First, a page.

Sunday, September 11, 2016

INDIA: The Hanging Pillar of Lepakshi

   For most of the world the word miracle brings to the mind images of marvelous phenomena occurring with supernatural intervention and involving mystical mysteries, but in India, it is just another daily trend, with miracles- historical, geographical, archaeological, supernatural or natural, happening around everywhere! 
  Almost every monument from history, almost every piece of natural beauty in India is a miracle to behold.
   One such spectacle of Indian history to ponder over is the hanging pillar at the Veerabhadra Temple in Lepakshi, a small village in Andhra Pradesh, miraculously hidden from the searching but ignorant eyes of travelers.

   The hanging pillar in Lepakshi is a medieval architectural wonder to witness. This small village you were most likely to neglect has so much hidden in its treasure chest, you will shocked and amazed!

Traveler’s Digest- Rise Bird!

   The small village of Lepakshi in the Anantapur district of Andhra Pradesh is a paragon of excellent art and architecture. Once the quintessence of the ostentatious opulence of the empire of Vijayanagara, Lepakshi is an epitome of magnificence and brilliance.
   The shrines and temples in the village celebrating the might of Lord Shiva, Vishnu and Veerabhadra, are an exhibition of timeless art, with illustrious frescoes and murals.

   Although the village was founded as late as 1538 AD by Maharaja Aliya Rama Raya of the Vijayanagara Empire, it has an interesting association with the Ramayana, and legend says was blessed by the presence of Lord Rama himself. The lore goes that when Lord Rama, met the dying bird Jatayu here, he helped him attain Moksha by saying the words “Le Pakshi”, which in Telugu means “rise bird”. Hence, the village got its name Lepakshi!

   The most famous temple in the village is the temple of Veerabhadra, famed for its hanging towers. The temple is situated on a tortoise shaped hillock, named Kurma Saila, which is the Telugu phrase for its distinct shape.

   The Eccentricity Factor – The miraculous hanging pillar

   The most astonishing architectural marvel of Lepakshi is the Hanging Pillar of Veerabhadra Temple. The pillar does not rest on the ground completely but hangs in the air, with enough space between its base and the ground to pass a sheet of paper or a small twig through it- fully to emerge on the other side! Out of the 70 pillars at the stone temple, which was built in 1583 AD, in the Vijayanagar style of architecture by brothers Virupanna and Veeranna, this particular pillar stands out as a triumphant masterpiece of architecture. The Archaeological Survey of India has proven that this pillar was not constructed as a mistake, but was built intentionally to prove the brilliance of the builders of the time.

The Legend

   The pillar was dislodged from its original position by a British engineer who tried to move it in an endeavor to unearth the secret of its support but was sadly unsuccessful. According to legend, Virupanna one of the financiers of the temple was the royal treasurer of the King and was accused by the court nobles of drawing funds from the state treasury to build the temple but without the King’s permission. The nobles poisoned the King that he was funding the grandiose temple to outshine his majesty.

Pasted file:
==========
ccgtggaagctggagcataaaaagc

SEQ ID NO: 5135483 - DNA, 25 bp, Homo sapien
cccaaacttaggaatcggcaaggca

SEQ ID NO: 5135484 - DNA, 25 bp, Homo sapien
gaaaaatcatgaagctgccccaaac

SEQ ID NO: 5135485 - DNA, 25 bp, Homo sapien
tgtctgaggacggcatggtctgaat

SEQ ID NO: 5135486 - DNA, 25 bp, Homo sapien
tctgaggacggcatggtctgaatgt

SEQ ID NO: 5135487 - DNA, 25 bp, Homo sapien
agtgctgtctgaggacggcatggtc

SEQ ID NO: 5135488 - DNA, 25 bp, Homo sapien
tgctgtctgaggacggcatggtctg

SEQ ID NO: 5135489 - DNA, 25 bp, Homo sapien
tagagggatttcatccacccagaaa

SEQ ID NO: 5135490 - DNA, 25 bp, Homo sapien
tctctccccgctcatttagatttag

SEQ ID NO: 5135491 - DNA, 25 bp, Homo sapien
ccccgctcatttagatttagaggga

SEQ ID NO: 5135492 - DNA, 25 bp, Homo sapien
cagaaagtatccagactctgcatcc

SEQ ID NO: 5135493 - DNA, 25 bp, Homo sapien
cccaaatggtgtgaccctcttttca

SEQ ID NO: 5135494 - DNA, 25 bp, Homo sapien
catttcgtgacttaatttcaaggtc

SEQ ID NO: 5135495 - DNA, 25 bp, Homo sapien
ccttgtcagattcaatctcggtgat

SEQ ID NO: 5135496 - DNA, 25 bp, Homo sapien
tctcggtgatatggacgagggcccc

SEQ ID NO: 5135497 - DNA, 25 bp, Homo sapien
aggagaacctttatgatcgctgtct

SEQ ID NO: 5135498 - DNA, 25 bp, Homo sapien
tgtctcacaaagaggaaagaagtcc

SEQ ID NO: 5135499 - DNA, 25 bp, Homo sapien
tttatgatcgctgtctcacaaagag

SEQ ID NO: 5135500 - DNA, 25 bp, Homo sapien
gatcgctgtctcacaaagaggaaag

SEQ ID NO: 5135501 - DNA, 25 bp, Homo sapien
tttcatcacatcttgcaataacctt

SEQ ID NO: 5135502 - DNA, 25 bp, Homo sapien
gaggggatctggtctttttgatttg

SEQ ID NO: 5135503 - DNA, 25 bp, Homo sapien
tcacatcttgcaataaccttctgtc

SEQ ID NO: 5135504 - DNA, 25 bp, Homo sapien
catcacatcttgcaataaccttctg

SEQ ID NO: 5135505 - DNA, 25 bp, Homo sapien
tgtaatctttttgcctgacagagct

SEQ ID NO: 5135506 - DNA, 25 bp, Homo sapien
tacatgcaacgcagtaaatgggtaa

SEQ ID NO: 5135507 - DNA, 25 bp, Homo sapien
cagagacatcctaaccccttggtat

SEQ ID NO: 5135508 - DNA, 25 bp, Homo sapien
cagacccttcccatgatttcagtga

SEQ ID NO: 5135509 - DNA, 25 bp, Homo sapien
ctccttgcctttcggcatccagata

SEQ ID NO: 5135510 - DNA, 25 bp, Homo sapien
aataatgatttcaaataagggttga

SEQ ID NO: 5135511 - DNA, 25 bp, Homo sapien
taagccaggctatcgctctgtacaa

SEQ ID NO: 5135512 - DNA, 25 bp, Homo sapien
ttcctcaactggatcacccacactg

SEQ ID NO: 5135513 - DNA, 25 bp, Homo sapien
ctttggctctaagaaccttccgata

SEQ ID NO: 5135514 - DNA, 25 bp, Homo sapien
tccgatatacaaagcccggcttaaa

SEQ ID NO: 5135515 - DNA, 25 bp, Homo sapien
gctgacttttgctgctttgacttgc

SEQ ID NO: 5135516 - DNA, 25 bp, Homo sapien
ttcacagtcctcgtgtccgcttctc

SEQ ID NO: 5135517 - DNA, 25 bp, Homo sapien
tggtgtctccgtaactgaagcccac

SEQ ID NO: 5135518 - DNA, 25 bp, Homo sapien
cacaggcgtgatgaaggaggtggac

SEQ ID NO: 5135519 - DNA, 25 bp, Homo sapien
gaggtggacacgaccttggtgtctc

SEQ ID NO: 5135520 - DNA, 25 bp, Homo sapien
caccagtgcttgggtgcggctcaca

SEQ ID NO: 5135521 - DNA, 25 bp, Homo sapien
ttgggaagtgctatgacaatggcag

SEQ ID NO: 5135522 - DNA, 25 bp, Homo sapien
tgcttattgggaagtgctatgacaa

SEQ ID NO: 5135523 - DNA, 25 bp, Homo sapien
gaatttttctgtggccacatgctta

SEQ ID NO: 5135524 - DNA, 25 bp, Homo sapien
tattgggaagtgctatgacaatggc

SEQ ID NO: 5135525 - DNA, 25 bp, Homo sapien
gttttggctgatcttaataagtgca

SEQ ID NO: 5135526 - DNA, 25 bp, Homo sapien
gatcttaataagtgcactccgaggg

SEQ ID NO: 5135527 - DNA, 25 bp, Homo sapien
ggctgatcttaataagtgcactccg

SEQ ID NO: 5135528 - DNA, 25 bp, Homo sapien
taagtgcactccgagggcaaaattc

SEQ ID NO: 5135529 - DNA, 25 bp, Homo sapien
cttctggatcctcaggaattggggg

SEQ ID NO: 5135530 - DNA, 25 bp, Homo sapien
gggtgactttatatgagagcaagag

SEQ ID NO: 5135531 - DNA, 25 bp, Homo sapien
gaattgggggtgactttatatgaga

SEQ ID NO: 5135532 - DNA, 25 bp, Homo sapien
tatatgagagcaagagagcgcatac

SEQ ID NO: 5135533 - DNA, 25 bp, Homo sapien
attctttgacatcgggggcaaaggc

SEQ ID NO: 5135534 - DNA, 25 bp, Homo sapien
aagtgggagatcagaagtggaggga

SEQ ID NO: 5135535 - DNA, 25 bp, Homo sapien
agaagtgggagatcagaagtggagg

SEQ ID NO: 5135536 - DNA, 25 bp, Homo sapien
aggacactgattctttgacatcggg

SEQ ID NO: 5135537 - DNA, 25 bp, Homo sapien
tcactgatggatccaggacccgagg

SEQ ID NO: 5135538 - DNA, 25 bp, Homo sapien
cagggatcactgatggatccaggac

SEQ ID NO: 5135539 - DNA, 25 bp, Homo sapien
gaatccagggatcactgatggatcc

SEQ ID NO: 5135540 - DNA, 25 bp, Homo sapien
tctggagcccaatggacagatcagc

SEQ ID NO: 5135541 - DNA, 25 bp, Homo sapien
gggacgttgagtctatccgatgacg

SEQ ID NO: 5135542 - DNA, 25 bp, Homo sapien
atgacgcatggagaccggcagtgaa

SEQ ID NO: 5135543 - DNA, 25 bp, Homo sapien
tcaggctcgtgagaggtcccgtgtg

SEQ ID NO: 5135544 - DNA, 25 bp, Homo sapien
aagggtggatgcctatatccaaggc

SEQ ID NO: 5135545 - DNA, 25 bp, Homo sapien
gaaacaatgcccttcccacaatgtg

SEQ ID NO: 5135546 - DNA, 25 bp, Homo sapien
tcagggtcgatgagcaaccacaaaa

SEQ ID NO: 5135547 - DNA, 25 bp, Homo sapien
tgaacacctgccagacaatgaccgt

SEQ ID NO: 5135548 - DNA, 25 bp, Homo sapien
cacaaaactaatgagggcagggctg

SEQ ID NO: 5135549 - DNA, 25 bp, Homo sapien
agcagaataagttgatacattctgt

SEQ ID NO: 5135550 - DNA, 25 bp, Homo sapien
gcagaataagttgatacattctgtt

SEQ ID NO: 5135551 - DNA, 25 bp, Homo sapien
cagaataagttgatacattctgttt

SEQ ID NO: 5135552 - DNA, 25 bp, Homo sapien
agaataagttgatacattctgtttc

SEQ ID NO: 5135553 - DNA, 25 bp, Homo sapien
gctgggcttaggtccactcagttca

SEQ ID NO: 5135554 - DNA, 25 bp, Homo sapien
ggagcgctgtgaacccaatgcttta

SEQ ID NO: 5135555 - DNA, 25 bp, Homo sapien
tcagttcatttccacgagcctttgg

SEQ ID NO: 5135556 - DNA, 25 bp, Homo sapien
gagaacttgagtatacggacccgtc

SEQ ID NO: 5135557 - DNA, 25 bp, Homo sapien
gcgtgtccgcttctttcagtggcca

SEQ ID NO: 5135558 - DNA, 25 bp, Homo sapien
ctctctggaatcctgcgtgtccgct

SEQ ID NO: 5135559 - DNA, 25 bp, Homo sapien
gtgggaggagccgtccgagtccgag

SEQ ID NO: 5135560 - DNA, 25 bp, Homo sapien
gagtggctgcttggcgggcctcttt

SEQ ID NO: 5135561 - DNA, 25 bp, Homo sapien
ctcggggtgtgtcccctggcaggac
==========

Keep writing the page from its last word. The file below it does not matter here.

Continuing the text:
Outraged, the King ordered for Virupanna to be blinded. But disturbed by the false accusation and determined to prove his honesty, Virupanna forestalled the punishment by dashing his eyes out and throwing them at the temple wall! And the eerie part- the marks left by his bleeding eyes are still present on the wall!

The Colossal Monolithic Bull!

   Another architectural marvel of Lepakshi is the colossal statue of Nandi, Lord Shiva’s bull. About a mile before the main temple, the statue is India’s second largest monolith after Gomateshwara, standing tall at 27 feet by 15 feet and carved out of a single stone. The structure is famous for its mammoth size and flawlessly proportioned body, and the finely carved ornaments around its neck and in its ears.

   Inside the temple, a gargantuan statue of Ganesha is yet another spectacle. And if this was not enough to quench the thirst of art history lovers, the largest Nagalinga in India draws one’s attention, with its enormous Naga with three coils and seven hoods forming a canopy over a black granite Shivalingam.

   The frescos at the Lepakshi temple are some of the finest specimens of art history in India. The 24 by 14 feet mural of Veerabhadra on the wall of the main sanctum is the largest fresco in India! The fresco depicting scenes from the wedding ceremony of Lord Shiva and Parvati, popularly known as the Shiva-Parvati Kalyanam is also something to look out for.

What to Explore in Lepakshi

   The Vijayanagar Empire once had a flourishing industry of silk weaving, a tradition which is still well preserved. Dharmavaram, a town near Lepakshi is a well-known silk weaving center, while Hindupur is famous for south cotton. Both these places make for excellent shopping destinations, while Puttaparthi, a pilgrim town near the village is perfect for a spiritual afternoon.


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